Courtney Love has changed. She’s just waiting for the world to notice.
In the aftermath of the death of her husband, Kurt Cobain, Love grieved very publicly, acting erratically and struggling with addiction for several years, while leading her band, Hole, and nurturing an acting career that landed her a best-actress Golden Globe nomination for The People vs. Larry Flynt in 1996.
“I don’t really care what people think about me on a certain level,” Love says, calling from her home in Greenwich Village. “But when it hurts my capacity to function … to get a rental, say, ‘We want first year and last year’ — not ‘first month and last month’ rent. Two years’ rent! It’s hard-core some of the stuff that goes along with having this reputation.”
Love is looking to “clean that up.” She has already been chosen to represent French designer Yves Saint Laurent’s latest Saint Laurent line. She’s working on a memoir that’s set to be released by HarperCollins by Christmas. She’s also set to be part of an upcoming TV series that she says she really can’t discuss yet. “I need someone to just vacuum up the nonsense that’s been out there about me since like ’04,” she says. “Why is this stuff still going around? Why is everyone still calling me ‘crazy,’ making inferences that I’m still on drugs, when that hasn’t gone on since ’04?”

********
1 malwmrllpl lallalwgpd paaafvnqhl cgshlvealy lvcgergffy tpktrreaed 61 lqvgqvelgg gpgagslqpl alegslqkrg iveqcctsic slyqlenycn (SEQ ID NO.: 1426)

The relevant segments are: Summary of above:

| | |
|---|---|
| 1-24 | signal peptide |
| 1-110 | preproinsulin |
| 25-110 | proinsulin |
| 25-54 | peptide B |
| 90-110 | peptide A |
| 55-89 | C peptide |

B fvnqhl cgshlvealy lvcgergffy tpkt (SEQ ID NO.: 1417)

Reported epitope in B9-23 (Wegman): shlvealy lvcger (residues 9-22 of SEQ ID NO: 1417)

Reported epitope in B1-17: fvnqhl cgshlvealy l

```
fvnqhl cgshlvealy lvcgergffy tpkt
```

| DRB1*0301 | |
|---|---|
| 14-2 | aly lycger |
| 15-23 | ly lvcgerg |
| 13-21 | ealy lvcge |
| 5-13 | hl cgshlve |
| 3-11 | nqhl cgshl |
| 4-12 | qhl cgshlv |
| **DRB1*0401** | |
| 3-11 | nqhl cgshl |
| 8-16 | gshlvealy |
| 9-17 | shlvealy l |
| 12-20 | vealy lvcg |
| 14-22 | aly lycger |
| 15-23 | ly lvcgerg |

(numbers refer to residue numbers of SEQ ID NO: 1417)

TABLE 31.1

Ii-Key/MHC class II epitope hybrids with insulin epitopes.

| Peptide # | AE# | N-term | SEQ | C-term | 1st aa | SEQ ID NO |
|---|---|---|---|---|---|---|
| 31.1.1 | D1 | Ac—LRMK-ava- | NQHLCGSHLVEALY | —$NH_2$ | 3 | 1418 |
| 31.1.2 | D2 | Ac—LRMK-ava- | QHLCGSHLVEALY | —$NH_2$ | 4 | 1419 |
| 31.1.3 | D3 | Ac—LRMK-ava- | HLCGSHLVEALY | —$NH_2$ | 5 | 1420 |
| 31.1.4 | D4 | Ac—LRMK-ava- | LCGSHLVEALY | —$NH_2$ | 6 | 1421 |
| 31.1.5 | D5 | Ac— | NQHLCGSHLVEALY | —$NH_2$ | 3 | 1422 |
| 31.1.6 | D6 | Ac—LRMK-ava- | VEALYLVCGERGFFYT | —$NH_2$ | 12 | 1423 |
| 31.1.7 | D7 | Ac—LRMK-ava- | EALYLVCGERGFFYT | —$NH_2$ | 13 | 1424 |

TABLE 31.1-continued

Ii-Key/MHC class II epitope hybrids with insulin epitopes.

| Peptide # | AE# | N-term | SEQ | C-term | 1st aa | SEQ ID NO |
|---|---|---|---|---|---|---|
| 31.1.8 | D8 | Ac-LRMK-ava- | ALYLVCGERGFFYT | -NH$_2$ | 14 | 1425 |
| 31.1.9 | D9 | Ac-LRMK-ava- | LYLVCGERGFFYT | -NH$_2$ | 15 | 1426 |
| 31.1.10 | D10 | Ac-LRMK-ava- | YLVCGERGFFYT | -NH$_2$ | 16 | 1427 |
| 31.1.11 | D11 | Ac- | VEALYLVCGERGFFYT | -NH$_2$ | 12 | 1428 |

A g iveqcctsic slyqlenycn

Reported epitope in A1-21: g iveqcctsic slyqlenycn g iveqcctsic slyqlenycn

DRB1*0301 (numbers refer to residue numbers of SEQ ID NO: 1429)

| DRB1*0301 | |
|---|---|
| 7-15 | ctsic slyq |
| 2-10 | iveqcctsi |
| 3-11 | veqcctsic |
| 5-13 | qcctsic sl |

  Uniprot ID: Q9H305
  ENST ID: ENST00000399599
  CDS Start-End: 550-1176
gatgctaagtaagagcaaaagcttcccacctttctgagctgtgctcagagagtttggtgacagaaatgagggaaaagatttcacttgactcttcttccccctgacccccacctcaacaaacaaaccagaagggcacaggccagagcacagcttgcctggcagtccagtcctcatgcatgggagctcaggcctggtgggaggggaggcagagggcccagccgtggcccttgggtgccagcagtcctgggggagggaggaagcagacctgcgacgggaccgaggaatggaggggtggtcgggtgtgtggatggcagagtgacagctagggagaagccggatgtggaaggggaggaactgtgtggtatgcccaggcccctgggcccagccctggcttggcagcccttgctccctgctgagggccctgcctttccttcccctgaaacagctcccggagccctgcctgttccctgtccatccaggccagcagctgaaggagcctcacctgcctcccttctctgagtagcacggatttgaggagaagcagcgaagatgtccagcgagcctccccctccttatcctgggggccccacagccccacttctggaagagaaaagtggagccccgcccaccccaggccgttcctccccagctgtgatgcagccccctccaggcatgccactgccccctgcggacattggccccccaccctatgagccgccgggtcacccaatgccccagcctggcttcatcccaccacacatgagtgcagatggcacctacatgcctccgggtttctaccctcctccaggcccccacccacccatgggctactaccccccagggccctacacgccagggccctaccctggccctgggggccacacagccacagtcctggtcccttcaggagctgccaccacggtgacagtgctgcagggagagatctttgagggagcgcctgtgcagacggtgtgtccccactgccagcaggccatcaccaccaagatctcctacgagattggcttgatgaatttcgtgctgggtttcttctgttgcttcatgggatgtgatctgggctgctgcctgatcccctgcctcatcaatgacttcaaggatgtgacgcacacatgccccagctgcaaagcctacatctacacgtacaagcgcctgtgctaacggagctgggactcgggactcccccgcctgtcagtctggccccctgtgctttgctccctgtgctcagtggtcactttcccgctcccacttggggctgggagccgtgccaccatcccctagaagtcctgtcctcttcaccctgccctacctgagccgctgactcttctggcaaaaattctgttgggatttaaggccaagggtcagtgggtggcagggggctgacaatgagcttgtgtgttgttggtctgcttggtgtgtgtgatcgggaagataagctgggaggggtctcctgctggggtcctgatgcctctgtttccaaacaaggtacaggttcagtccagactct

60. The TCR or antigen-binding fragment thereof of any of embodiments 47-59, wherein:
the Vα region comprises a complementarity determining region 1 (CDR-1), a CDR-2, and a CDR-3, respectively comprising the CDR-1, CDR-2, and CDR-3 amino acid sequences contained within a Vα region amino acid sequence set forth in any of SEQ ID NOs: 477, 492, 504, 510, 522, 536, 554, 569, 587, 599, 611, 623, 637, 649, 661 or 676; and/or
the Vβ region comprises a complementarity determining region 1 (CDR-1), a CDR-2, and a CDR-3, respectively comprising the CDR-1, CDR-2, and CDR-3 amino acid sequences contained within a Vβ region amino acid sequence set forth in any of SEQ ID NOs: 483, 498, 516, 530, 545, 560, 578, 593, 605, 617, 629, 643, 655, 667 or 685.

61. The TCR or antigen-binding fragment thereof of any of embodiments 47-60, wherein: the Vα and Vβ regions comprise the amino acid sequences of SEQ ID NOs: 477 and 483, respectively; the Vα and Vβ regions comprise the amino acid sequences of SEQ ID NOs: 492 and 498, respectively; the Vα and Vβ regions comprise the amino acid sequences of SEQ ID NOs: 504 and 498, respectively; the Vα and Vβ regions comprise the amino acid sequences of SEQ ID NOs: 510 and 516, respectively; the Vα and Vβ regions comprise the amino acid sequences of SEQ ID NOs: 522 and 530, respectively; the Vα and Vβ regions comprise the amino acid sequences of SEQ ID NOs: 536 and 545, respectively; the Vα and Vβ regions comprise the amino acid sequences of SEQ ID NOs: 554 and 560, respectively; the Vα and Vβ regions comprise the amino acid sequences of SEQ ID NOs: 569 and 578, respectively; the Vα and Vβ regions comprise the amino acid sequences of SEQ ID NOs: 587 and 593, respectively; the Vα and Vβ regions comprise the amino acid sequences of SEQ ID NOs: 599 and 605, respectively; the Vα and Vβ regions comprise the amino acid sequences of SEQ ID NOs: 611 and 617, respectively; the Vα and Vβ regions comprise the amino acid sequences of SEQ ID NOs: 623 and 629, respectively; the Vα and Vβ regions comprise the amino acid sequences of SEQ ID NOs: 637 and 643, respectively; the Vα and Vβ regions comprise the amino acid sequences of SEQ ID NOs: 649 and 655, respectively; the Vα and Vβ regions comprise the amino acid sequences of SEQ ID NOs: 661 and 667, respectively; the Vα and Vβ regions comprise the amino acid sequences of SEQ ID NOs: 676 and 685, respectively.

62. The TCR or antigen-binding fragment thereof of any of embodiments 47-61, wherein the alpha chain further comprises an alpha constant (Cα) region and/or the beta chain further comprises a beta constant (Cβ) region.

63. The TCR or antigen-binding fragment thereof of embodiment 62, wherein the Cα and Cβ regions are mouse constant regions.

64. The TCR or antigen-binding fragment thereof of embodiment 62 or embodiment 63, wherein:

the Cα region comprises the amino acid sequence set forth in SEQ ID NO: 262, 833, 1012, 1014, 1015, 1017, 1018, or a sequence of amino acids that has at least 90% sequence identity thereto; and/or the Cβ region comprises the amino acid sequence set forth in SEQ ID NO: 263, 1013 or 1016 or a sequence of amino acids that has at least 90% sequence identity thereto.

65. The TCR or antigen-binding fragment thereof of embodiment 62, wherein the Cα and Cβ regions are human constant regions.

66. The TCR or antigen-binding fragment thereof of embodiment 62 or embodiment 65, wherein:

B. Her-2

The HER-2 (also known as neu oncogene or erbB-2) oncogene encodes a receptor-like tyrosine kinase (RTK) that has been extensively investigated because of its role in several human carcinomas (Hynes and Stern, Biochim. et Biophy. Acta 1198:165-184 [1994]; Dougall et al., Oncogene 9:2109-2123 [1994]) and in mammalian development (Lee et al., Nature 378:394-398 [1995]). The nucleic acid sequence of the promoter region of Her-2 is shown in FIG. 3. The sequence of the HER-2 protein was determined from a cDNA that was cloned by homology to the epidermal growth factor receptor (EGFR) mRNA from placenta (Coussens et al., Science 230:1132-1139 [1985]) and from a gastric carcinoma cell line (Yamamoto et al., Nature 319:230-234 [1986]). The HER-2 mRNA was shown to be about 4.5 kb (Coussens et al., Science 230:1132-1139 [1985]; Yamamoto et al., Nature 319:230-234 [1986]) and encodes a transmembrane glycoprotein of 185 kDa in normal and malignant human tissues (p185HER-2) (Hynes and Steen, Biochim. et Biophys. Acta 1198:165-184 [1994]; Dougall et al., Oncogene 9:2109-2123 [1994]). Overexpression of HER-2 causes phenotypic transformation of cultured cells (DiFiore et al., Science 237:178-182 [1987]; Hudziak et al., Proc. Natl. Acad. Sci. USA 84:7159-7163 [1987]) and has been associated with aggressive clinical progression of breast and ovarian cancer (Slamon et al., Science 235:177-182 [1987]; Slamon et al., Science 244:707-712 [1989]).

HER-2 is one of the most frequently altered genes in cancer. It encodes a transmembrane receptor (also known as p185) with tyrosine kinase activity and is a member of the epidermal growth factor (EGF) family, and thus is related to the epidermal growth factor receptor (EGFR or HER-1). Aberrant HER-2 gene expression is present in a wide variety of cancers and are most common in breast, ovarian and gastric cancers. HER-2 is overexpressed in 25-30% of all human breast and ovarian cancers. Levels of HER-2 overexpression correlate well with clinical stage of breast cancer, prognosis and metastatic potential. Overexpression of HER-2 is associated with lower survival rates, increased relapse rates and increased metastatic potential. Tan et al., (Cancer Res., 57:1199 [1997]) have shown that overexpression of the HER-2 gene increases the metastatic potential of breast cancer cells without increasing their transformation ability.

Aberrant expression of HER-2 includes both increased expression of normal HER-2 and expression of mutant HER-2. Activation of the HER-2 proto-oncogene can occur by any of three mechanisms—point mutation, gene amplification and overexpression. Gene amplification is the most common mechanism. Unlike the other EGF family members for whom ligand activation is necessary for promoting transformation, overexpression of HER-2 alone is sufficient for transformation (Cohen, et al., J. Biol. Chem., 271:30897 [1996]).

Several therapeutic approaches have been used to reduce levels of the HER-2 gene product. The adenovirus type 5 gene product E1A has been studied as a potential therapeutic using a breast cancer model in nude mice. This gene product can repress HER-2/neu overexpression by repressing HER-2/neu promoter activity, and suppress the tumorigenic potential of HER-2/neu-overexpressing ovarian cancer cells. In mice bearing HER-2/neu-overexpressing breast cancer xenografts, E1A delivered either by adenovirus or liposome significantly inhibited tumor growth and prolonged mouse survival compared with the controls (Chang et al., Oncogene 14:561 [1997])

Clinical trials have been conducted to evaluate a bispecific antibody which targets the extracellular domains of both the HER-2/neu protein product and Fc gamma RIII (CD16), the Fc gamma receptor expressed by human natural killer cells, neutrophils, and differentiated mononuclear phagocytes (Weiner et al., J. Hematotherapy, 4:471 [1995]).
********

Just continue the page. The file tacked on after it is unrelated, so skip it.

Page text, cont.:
And, maybe most importantly, Love is working on new music that she is eager to show off. She has had an album completed for nine months and is just waiting for her new label to finish work on Prince’s release so that her album — billed as Courtney Love, not Hole — can come out.
Don’t look for a Hole reunion tour anytime soon. “I’m not going to play with [Hole guitarist] Eric Erlandson,” Love says, adding that she has received numerous offers to reunite the band for a “greatest hits” tour. “I don’t like him. I’ve been playing with Micko Larkin for eight years now, which is as long as I played with Eric, and we’ve never had a fight, let alone 10 fights a day.”
Love says she’s looking forward to people getting the chance to see what she is really like these days. “I think the people of Lubbock, Texas, or Peoria or wherever would be well served and I think I would be well served if my reputation didn’t suffer these slings and arrows that actually harm my capacity to function,” she says.
She believes her prospective TV series may go a long way toward reintroducing her to a lot of people.
“The thing about these shows is that they’re unflinching,” she says. “If you have a good demeanor and you’re in a good place, then what can people say?”